While some parts of the economy are struggling to recover, the pandemic has proved a boon for Canadian swimming pool builders.
Some people say COVID-19 restrictions and the summer heatwave have sparked unprecedented waves of demand from homeowners looking to build a backyard oasis.
Harmony Pero’s family in Anmore, BC, about a 50-minute drive east of Vancouver, is in the process of building a custom infinity pool to keep their two teenage boys busy and ready for their late forties after almost two years of pandemic living another record heat like the temperatures that gripped British Columbia last summer.
“We live so close to Buntzen Lake and White Pine Beach, but with COVID it’s brought so many more people to the area looking for some water. It’s difficult to even get to those places, so COVID definitely played a big part in our desire to have our own little slice of paradise at home,” Pero said.
Harmony Pero looks at the infinity pool being built on her property in Anmore, BC on October 28th. (Maggie MacPherson/CBC)
Her family is among a wave of new private pool owners in Canada. Tired of masking, the fear of blending in with crowds, or booking trips only to have to cancel, many backyards are redesigning, often using cash they couldn’t spend on trips. Others who are taking the plunge say they are being spurred on by rising home values.
They all want a backyard retreat where they can spend time together.
38,000 swimming pool permits in 2020/21
The pool and spa industry says it is seeing “unprecedented” demand for pools on private property.
According to a census of Statistics Canada building permit reports, a total of 18,820 pool permit applications were made in 2020. The 2021 tally exceeded the 2020 figure in the first eight months of the year. As of August 2021, 19,306 pool permits have been registered, according to Statistics Canada.
Last year, most pool permit applications were made in Quebec, where there were 13,625. Ontario finished second with 3,400 and BC third with 591.
As of January 2020, 1,286 pool permits have been registered in BC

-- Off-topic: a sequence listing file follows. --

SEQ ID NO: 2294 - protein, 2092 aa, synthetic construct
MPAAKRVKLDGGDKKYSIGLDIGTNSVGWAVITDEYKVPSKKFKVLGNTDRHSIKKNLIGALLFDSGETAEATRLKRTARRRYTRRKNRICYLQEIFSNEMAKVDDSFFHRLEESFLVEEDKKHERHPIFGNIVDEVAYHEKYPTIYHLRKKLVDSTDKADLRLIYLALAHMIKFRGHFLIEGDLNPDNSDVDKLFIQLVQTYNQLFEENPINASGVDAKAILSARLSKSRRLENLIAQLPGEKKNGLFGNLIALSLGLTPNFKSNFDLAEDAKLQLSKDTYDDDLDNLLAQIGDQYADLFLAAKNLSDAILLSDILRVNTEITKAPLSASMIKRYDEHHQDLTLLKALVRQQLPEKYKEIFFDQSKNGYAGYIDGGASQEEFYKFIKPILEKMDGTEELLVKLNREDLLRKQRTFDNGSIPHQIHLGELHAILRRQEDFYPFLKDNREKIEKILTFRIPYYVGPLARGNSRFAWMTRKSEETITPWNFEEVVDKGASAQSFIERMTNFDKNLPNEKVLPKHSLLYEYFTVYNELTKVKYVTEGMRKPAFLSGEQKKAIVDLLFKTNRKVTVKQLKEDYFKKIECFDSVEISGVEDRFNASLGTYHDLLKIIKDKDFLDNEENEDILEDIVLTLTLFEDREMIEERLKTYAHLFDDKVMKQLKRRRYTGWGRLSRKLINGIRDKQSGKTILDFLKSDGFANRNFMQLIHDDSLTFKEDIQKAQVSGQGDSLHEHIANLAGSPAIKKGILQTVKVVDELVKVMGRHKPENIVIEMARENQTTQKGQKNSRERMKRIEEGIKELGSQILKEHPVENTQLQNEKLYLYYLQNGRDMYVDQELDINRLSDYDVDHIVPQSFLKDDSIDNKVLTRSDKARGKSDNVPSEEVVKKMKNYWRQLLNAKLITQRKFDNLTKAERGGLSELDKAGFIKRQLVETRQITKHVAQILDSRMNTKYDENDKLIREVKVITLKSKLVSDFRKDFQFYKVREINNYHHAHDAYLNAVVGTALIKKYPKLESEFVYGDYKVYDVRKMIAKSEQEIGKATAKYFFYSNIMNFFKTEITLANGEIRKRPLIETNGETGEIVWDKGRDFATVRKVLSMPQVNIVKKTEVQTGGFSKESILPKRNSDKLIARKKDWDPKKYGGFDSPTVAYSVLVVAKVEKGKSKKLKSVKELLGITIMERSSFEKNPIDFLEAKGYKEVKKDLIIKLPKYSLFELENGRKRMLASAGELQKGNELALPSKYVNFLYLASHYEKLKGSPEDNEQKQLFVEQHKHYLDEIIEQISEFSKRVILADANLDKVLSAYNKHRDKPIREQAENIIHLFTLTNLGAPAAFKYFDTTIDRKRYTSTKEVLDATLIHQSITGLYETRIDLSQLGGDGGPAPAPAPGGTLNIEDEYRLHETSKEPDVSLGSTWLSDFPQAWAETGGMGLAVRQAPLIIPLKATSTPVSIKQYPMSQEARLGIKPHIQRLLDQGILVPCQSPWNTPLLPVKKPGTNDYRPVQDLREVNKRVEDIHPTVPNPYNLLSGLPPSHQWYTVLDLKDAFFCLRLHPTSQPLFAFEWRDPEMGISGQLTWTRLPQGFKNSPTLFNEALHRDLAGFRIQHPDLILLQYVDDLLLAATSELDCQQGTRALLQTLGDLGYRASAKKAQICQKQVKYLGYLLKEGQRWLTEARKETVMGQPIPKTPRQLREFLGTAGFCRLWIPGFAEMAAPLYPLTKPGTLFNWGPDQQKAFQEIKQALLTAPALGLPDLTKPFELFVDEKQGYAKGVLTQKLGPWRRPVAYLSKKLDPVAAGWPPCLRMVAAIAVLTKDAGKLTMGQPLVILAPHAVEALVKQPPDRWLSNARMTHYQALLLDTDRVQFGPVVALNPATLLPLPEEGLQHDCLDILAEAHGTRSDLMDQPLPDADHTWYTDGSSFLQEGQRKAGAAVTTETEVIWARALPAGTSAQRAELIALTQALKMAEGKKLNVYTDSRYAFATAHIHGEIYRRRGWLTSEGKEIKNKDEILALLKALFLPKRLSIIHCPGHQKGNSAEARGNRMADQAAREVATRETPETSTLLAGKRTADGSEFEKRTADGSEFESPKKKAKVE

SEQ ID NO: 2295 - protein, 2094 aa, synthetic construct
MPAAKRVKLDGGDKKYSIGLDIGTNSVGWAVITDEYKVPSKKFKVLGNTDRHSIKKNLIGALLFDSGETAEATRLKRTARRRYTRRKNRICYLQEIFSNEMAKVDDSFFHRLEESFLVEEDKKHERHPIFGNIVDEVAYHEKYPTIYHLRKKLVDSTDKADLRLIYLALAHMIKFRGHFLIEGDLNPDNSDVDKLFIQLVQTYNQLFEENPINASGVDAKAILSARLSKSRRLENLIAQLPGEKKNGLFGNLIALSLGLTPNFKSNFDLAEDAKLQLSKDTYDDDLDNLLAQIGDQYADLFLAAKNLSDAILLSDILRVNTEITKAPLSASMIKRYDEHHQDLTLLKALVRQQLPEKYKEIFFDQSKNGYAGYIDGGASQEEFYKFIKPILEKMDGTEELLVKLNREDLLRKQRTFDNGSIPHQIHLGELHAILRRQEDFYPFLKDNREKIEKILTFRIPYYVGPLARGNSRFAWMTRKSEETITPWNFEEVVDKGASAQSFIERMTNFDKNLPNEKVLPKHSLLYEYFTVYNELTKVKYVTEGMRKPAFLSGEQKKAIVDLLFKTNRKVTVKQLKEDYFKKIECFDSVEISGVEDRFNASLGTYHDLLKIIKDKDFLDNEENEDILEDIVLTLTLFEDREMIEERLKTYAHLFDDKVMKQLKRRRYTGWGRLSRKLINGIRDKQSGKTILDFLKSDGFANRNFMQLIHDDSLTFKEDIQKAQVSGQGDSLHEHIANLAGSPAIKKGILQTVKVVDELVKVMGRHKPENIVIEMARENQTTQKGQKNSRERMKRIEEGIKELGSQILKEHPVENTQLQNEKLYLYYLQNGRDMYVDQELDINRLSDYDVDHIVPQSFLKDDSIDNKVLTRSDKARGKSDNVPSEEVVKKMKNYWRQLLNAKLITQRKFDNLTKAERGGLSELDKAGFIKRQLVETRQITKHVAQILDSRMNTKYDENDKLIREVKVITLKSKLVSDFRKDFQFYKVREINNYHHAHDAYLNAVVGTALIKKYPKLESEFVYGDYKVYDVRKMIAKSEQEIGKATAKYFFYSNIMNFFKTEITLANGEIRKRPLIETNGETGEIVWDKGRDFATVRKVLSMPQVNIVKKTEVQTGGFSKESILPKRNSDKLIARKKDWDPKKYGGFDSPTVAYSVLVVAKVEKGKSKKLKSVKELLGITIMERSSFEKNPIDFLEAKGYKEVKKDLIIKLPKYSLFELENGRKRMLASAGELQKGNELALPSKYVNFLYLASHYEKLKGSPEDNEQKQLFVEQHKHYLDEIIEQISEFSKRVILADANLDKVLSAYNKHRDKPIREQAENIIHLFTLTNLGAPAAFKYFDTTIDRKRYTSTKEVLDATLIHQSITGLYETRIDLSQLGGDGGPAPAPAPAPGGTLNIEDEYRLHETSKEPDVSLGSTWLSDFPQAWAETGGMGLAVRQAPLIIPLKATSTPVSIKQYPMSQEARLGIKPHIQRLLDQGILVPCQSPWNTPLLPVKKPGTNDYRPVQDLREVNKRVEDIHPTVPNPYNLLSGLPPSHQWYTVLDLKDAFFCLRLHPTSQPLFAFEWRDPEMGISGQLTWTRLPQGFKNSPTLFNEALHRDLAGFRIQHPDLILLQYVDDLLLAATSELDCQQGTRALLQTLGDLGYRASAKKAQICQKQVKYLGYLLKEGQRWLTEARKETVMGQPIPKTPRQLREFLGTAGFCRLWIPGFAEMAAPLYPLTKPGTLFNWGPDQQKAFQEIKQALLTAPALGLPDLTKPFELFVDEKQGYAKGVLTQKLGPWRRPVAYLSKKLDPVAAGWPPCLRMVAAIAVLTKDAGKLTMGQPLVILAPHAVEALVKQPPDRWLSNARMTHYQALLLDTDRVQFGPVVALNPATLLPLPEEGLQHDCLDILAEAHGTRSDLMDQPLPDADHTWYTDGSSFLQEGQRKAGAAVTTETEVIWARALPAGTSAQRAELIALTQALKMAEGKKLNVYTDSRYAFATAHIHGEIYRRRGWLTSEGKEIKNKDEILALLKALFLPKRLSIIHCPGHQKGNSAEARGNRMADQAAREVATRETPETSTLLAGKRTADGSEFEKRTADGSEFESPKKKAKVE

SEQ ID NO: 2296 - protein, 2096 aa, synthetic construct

Marcos Borges of BC Pools and Spas Ltd during a pool installation in North Vancouver, BC October 14. (Ben Nelms/CBC)
It was a record year for master builders like Marcos Borges.
His North Vancouver company, BC Pools and Spas Ltd., had 47 pool orders.
Borges says he installs everything from above-ground to in-ground custom pools. They cost an average of between $12,000 and about $150,000 to install the pool and landscape the yard.
But the cost of a custom pool with unique landscaping can run into the millions, depending on the location.
Borges says his clients want to upgrade their backyards because they plan to spend more time at home.
“Our customers tell us they won’t be vacationing much in the future, so everyone wants to renovate their backyard…to turn the backyard into their ‘stay place,’ or so they can stay home and enjoy family,” he said.
Harmony Pero can’t wait for her backyard oasis, a custom-designed infinity pool, to take shape behind her home in Anmore, BC (Maggie MacPherson/CBC).
He and other builders say they’re so busy they’re struggling to keep up with demand. It is also plagued by supply chain bottlenecks related to the pandemic and high demand for certain parts. Items that used to take weeks to arrive can now take months, he says, while things like certain pool liner designs simply aren’t available due to high demand.
Record demand for pool construction
Across Canada, many pool and hot tub manufacturers and installers have bookings through 2022 or beyond.
Bill Roberton, executive director of the Pool and Hot Tub Council of Canada, says its 400 or so members tell him they’ve never seen demand like this.
Across Canada, pool builders and retailers tell him they are doubling or tripling sales and hitting capacity.
“Most say this is unprecedented, the demand for pools and for really everything in backyards. People invest in their homes because they realize it [the pandemic] can go on or come back.”
In Ontario, Roberton said there were initial delays in permitting and construction during the initial COVID restrictions. But he said that didn’t deter customers, it just led to pent-up demand and a backlog of orders and shipments.
“Some suppliers are sold out into next summer or fall,” he said.
That has left some frustrated pool shoppers with nothing but a muddy hole and visions of that first dive while waiting for parts and dreaming on.